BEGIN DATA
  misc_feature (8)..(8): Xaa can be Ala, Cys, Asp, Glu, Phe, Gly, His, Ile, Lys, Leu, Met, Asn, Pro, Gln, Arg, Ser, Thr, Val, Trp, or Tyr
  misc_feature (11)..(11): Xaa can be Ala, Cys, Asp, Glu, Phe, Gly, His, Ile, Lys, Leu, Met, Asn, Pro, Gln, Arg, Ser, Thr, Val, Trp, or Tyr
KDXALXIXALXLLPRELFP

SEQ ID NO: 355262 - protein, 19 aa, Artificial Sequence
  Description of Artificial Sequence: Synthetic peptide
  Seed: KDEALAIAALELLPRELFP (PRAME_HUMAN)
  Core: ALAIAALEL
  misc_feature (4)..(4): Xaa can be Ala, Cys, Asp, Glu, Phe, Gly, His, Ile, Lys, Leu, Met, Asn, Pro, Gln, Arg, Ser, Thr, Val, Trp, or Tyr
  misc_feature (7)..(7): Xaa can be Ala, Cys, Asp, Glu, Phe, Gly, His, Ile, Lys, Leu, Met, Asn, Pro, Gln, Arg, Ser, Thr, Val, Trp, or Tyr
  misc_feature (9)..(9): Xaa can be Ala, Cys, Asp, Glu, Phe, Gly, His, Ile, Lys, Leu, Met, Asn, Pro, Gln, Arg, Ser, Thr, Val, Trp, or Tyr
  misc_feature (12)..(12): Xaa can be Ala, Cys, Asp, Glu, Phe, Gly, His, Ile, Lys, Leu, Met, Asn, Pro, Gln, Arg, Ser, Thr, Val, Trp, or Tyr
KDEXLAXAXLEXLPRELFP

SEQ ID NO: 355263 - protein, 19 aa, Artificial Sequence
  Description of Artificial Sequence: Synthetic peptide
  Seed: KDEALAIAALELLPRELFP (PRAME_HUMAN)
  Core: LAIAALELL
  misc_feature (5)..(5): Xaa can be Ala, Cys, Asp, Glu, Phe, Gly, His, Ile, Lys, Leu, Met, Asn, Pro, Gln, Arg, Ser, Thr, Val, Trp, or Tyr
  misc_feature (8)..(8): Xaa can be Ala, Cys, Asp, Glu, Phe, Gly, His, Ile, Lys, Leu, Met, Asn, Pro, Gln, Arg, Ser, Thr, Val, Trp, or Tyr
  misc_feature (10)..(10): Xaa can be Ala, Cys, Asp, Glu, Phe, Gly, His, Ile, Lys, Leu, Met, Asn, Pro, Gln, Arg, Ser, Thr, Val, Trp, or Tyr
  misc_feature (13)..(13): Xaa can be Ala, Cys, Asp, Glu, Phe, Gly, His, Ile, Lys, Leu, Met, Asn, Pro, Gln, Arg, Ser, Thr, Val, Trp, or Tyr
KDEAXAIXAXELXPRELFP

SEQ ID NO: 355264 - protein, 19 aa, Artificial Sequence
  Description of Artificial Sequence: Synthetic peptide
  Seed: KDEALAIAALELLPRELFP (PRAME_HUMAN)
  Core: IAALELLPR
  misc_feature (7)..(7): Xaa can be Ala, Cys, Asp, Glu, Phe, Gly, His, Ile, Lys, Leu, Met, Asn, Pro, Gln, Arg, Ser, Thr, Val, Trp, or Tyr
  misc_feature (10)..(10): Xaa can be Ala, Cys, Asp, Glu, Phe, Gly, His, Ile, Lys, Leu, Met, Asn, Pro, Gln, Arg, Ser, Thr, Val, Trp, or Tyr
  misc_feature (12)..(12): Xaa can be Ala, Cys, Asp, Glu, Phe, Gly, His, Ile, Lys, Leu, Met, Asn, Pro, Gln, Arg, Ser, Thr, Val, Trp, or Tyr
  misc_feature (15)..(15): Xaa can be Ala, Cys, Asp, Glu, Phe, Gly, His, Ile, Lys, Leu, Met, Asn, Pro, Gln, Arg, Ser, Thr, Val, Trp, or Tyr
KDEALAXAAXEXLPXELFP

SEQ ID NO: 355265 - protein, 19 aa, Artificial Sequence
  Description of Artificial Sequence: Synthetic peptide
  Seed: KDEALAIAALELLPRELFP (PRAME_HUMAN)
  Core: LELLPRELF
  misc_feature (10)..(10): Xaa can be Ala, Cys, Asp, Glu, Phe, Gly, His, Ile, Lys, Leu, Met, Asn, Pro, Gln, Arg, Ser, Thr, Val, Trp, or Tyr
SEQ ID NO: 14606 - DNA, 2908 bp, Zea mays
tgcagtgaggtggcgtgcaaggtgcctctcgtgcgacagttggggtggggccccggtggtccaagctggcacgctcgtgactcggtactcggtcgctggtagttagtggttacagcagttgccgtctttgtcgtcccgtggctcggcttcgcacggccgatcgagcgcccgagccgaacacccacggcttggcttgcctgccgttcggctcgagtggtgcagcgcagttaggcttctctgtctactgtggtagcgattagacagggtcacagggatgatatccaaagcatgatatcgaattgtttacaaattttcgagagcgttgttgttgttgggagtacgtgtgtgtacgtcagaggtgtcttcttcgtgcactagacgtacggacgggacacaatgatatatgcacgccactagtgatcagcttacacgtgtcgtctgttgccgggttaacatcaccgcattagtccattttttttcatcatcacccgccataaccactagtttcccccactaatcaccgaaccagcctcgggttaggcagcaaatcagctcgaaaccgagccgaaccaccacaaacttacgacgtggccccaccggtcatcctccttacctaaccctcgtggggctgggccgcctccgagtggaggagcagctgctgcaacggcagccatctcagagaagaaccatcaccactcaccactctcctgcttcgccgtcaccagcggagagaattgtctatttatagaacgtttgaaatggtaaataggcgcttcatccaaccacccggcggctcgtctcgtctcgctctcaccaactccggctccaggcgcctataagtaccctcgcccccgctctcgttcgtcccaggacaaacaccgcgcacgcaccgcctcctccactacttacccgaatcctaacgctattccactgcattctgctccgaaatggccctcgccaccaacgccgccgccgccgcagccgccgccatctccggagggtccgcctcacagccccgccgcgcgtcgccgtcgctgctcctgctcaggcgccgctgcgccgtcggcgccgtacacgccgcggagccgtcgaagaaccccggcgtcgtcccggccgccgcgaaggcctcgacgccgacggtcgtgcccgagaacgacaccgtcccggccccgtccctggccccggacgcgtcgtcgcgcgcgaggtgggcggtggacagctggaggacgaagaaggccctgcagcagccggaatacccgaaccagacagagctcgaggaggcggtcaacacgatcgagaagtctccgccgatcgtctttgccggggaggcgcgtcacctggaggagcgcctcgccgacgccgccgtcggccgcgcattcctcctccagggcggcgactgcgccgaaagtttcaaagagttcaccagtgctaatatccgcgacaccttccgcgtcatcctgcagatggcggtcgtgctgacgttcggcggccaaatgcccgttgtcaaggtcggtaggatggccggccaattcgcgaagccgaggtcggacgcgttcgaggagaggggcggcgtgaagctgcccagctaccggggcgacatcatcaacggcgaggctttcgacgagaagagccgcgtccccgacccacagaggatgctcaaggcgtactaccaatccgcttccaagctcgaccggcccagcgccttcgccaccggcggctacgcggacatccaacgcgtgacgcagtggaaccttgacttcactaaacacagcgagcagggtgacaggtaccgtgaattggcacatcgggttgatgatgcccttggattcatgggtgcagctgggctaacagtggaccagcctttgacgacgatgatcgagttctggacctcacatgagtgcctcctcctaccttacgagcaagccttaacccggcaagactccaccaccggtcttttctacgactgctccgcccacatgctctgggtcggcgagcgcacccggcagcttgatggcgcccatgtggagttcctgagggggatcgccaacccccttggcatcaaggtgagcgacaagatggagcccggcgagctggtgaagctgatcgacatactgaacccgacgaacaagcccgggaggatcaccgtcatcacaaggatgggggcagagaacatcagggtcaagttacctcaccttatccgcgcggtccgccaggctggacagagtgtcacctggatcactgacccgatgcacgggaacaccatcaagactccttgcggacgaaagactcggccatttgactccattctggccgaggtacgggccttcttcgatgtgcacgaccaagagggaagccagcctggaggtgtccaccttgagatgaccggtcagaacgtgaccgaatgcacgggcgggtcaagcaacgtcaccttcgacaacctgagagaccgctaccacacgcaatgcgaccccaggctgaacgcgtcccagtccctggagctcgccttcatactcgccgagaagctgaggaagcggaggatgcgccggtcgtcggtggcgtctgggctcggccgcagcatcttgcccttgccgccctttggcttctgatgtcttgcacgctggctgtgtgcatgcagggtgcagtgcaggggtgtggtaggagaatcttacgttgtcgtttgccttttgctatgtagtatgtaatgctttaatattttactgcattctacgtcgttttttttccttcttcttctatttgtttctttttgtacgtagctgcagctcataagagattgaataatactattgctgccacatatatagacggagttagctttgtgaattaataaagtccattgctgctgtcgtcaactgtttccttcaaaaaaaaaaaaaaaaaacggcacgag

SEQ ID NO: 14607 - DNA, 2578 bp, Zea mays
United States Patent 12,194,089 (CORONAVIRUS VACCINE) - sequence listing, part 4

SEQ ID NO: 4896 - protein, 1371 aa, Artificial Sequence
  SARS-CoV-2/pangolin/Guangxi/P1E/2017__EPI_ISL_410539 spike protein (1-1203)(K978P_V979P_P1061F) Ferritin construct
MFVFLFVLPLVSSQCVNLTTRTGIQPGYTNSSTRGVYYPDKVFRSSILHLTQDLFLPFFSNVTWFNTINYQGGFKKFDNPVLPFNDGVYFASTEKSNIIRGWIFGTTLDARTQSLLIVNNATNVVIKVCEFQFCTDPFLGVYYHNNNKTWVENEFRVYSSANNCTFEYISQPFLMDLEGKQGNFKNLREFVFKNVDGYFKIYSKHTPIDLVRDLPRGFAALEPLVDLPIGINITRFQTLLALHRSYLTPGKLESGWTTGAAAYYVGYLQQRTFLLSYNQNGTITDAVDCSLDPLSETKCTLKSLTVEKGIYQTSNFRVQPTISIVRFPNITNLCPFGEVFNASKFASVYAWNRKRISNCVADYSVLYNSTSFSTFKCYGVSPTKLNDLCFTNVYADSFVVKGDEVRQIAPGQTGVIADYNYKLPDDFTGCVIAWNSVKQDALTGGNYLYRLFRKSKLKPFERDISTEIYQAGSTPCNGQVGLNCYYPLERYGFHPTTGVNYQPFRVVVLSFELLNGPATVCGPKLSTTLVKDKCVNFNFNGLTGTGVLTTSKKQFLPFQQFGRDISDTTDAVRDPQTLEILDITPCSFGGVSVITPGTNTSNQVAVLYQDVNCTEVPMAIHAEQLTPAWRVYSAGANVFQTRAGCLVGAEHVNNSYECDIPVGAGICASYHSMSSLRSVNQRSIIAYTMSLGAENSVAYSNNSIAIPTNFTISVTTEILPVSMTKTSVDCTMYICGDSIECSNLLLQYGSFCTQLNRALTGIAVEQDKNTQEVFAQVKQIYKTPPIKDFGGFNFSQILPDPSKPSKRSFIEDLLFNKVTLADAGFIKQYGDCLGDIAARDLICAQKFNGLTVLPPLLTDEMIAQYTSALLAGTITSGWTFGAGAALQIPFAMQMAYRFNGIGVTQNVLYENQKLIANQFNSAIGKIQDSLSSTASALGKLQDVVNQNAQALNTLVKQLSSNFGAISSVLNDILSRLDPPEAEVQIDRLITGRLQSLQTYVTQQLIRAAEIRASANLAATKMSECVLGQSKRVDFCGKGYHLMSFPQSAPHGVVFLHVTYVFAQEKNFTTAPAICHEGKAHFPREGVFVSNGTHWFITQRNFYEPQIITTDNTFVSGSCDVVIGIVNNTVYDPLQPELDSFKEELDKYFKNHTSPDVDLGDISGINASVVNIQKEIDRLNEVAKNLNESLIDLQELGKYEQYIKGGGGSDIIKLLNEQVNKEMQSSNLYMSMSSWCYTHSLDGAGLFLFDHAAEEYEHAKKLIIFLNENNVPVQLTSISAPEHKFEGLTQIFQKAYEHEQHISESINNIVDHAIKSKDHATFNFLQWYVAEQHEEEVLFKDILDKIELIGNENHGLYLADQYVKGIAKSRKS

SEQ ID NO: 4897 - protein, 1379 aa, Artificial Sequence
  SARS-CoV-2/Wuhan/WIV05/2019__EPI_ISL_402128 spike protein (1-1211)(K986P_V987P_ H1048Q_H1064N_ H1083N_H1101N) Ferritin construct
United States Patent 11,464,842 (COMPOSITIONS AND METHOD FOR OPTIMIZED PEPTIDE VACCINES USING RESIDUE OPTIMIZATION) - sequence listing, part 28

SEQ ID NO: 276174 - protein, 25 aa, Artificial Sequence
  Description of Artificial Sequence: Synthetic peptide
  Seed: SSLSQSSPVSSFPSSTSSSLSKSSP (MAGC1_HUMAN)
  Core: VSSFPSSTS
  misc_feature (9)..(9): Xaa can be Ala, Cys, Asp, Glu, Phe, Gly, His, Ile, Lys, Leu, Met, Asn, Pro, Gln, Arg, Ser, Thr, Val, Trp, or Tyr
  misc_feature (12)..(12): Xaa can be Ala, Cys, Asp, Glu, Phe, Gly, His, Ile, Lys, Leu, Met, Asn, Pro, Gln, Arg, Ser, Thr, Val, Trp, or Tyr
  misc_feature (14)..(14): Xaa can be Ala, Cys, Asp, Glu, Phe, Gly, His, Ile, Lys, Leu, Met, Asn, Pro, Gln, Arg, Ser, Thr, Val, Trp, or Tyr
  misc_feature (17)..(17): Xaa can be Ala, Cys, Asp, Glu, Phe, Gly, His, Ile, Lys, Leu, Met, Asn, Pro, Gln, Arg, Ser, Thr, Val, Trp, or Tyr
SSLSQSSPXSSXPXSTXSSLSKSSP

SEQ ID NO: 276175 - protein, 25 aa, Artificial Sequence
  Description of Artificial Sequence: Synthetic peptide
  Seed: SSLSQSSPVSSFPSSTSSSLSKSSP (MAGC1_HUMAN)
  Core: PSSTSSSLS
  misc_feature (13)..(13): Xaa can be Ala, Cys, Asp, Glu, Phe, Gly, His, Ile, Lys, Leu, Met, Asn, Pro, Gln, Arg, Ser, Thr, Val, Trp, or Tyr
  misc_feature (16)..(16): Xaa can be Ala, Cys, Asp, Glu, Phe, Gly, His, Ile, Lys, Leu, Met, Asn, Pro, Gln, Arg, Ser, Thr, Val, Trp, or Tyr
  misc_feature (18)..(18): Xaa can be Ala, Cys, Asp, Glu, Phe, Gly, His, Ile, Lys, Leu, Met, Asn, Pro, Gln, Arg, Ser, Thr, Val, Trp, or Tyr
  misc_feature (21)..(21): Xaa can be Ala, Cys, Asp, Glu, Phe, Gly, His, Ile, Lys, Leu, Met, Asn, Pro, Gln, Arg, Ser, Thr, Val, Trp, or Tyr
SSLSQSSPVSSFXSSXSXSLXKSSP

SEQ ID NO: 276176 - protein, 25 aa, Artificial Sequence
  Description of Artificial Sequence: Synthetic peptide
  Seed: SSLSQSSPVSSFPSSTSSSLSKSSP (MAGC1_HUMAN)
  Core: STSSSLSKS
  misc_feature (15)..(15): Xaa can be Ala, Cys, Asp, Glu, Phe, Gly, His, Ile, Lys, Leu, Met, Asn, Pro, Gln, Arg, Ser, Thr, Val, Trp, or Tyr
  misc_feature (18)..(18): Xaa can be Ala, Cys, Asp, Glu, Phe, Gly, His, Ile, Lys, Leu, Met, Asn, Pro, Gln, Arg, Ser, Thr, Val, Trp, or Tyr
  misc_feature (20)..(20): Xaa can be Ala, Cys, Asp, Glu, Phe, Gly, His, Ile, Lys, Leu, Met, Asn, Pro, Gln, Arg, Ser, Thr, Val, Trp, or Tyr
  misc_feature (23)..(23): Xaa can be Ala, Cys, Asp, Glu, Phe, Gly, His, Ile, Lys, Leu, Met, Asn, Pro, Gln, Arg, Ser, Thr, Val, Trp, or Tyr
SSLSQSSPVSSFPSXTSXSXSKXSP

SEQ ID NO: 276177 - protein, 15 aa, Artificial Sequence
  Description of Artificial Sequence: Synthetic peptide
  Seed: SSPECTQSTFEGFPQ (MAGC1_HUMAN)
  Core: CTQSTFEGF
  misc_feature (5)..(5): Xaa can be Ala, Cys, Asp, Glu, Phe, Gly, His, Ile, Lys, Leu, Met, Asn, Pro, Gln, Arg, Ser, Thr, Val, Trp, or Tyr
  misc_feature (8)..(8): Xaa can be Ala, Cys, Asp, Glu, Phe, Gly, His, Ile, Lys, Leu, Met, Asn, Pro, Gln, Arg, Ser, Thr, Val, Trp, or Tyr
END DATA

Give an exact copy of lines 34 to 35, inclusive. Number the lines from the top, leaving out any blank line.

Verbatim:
  Core: LELLPRELF
  misc_feature (10)..(10): Xaa can be Ala, Cys, Asp, Glu, Phe, Gly, His, Ile, Lys, Leu, Met, Asn, Pro, Gln, Arg, Ser, Thr, Val, Trp, or Tyr